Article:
CINCINNATI (Legal Newsline) - A federal appeals court has ruled that attorneys fees should be vacated in a class action lawsuit against ServiceMaster for violations of the Fair Labor Standards Act.
The district court’s order included minimal explanation for the substantial award, according to an opinion filed Nov. 14 in the U.S. Court of Appeals for the Sixth Circuit.
"In approximately four pages of analysis, it emphasized that fee and cost awards are within the discretion of the district court and cited relevant precedent," the majority opinion stated.
Circuit judges Deborah L. Cook and Helene N. White and District Judge Laurie J. Michelson voted in the majority, with White authoring the opinion.
The district court explained that the determination of a reasonable fee must be reached through an evaluation of a myriad of factors examined in light of "the congressional policy underlying the substantive portions of the statute providing for the award of fees."
John Smith and the class members brought their action against ServiceMaster Holding Corp., ServiceMaster Company, Inc., Terminix International Company L.P., and Terminix International Inc. as current and former employees who claimed the defendants violated the Fair Labor Standards Act by not compensating employees for all hours worked and for overtime.
Smith filed his class action on July 14, 2009, in the U.S. District Court for the Western District of Tennessee. Two other plaintiffs, Dominick Massaro and Troy Yates, were added in 2011 and William Craig and Billy Simpkins filed motions to join the class action as well.
On Jan. 11, 2012, ServiceMaster moved to compel Massaro and Yates to arbitrate their claims pursuant to the arbitration provision in the employment agreements.
On Oct. 31, 2012, a telephonic arbitration-management conference was held and the arbitrator asked the parties to submit additional briefing regarding whether the arbitration clause permitted collective actions, which the parties did on Dec. 27, 2012.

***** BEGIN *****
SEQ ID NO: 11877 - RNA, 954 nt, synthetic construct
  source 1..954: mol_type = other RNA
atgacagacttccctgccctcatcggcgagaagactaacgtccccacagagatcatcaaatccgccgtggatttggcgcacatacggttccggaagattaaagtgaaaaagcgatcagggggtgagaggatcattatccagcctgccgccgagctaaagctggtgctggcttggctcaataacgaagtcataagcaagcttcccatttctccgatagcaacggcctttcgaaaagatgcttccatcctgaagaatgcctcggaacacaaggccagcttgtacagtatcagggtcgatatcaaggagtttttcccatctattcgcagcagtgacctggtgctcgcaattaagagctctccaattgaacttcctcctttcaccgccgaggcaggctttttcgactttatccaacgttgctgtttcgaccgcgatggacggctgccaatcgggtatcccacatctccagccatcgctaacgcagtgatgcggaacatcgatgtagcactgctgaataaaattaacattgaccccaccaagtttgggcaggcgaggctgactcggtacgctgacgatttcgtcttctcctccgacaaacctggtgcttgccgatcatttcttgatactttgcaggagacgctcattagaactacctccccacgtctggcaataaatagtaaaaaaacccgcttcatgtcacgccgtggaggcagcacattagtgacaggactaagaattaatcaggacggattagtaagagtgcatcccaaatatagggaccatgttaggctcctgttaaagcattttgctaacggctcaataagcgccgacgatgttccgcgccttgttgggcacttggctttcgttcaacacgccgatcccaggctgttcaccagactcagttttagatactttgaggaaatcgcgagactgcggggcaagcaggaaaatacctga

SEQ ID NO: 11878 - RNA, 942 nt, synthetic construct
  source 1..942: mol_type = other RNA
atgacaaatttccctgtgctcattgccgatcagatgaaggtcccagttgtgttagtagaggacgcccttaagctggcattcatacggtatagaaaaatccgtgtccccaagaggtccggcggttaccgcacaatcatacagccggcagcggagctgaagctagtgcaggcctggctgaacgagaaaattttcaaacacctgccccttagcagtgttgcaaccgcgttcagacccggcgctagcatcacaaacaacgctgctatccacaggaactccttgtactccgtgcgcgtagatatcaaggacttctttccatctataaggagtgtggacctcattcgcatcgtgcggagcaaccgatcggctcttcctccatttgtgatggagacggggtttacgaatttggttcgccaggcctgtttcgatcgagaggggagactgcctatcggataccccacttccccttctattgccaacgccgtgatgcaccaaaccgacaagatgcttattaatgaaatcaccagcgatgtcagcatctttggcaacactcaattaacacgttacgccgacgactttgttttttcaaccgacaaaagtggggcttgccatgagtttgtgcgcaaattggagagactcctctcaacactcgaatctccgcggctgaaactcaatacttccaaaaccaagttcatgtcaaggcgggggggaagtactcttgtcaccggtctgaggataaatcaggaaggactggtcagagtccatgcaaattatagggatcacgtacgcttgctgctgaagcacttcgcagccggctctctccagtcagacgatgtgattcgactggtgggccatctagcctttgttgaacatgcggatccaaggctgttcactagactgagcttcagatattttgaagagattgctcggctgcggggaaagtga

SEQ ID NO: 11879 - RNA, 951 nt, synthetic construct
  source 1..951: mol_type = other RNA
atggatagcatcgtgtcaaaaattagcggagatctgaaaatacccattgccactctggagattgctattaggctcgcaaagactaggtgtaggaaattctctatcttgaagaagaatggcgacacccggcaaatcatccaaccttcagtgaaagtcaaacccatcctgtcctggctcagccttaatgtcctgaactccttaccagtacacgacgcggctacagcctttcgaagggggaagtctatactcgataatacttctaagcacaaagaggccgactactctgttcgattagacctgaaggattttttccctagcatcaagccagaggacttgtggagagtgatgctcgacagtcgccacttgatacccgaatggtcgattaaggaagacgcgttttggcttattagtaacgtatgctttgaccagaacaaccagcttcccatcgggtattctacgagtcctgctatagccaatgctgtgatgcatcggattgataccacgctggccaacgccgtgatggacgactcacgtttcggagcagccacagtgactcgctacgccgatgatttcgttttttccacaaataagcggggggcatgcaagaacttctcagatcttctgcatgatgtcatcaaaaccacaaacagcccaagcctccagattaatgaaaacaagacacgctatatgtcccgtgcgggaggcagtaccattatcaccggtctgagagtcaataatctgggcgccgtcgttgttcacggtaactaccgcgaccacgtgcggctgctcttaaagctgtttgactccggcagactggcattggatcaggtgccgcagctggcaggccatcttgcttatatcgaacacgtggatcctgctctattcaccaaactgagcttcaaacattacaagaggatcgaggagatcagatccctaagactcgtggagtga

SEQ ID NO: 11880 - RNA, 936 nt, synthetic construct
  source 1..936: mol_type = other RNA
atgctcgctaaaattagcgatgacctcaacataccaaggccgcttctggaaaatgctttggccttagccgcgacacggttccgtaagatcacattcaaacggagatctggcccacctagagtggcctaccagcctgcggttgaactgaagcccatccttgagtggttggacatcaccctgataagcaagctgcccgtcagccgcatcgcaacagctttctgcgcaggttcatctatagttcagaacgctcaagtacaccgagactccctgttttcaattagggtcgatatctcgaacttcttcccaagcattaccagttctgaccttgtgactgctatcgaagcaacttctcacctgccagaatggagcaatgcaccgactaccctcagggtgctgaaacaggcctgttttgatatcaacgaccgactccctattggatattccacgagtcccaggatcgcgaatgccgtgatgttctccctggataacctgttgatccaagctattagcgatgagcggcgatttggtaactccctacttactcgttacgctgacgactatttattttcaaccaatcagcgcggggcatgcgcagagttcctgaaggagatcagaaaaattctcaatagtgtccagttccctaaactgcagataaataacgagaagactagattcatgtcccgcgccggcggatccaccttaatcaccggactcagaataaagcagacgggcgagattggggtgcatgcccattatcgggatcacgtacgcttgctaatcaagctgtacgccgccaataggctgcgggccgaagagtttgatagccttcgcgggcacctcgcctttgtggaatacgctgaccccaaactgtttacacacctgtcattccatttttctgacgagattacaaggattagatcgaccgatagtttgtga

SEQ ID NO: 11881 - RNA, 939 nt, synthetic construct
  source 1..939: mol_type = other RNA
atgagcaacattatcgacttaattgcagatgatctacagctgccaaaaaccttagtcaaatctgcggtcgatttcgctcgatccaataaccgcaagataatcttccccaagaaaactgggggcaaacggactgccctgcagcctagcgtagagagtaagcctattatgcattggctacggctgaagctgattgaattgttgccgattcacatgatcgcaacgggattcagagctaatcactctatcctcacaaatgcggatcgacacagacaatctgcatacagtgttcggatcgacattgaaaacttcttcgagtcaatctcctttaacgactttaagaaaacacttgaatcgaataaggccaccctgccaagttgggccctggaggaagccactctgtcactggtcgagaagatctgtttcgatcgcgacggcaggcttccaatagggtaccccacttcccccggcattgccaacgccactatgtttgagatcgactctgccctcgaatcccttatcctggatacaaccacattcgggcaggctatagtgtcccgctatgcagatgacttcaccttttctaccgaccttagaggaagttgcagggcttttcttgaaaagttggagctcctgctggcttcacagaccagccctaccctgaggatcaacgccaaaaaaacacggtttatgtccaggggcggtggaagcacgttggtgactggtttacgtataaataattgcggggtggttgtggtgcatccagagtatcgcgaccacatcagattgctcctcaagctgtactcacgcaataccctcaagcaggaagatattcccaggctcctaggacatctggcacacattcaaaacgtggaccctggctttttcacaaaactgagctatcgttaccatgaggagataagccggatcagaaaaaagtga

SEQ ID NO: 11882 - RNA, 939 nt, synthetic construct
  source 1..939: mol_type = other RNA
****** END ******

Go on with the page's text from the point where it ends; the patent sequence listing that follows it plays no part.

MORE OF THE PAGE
The arbitrator then entered a partial final award finding that the "arbitration agreement [did] not preclude this arbitration from proceeding on behalf of a class."
ServiceMaster filed a motion to vacate the arbitrator’s award, which the district court denied on May 21, 2013.
The district court entered judgment on each individual’s FLSA claim, awarding $6,552 to Smith; $2,295.39 to Massaro; $10,733.06 to Yates; $5,137.96 to Craig; and $57,623.20 to Simpkins.
The plaintiffs filed a revised motion requesting $516,890.25 in attorneys fees and $18,908.85 in costs on Oct. 15, 2013, to which ServiceMaster objected. It contested the amount and also argued that the plaintiffs were not prevailing parties in the collective action portion of the case and should therefore not recover fees for work done in pursuit of collective action.
The district court granted the plaintiffs’ motion.
The panel stated the district court did not acknowledge the appellate court’s prevailing legal standard for determining the reasonable hourly rate for the local market, did not evaluate the reasonableness of the hours spent and did not address most of ServiceMaster’s objections.
"Although '[a] request for attorney’s fees should not result in a second major litigation' and 'the district court has discretion in determining the amount of a fee award, . . . [i]t remains important . . . for the district court to provide a concise but clear explanation of its reasons for the fee award,'" the opinion states. "For these reasons, we vacate the award of fees and costs, and remand for further consideration consistent with this opinion."
Smith is represented by Jennie L. Anderson and Lori E. Andrus of Andrus Anderson LLP in San Francisco; Mark E. Burton Jr. and Nancy Hersh of Hersh & Hersh in San Francisco; and R. Christopher Gilreath of Gilreath & Associates in Memphis, Tenn.
The defendants are represented by Steve Likens and Paul Prather of Littler in Memphis, Tenn.
U.S. Court of Appeals for the Sixth Circuit case number: 14-5481
From Legal Newsline: Kyla Asbury can be reached at email@example.com.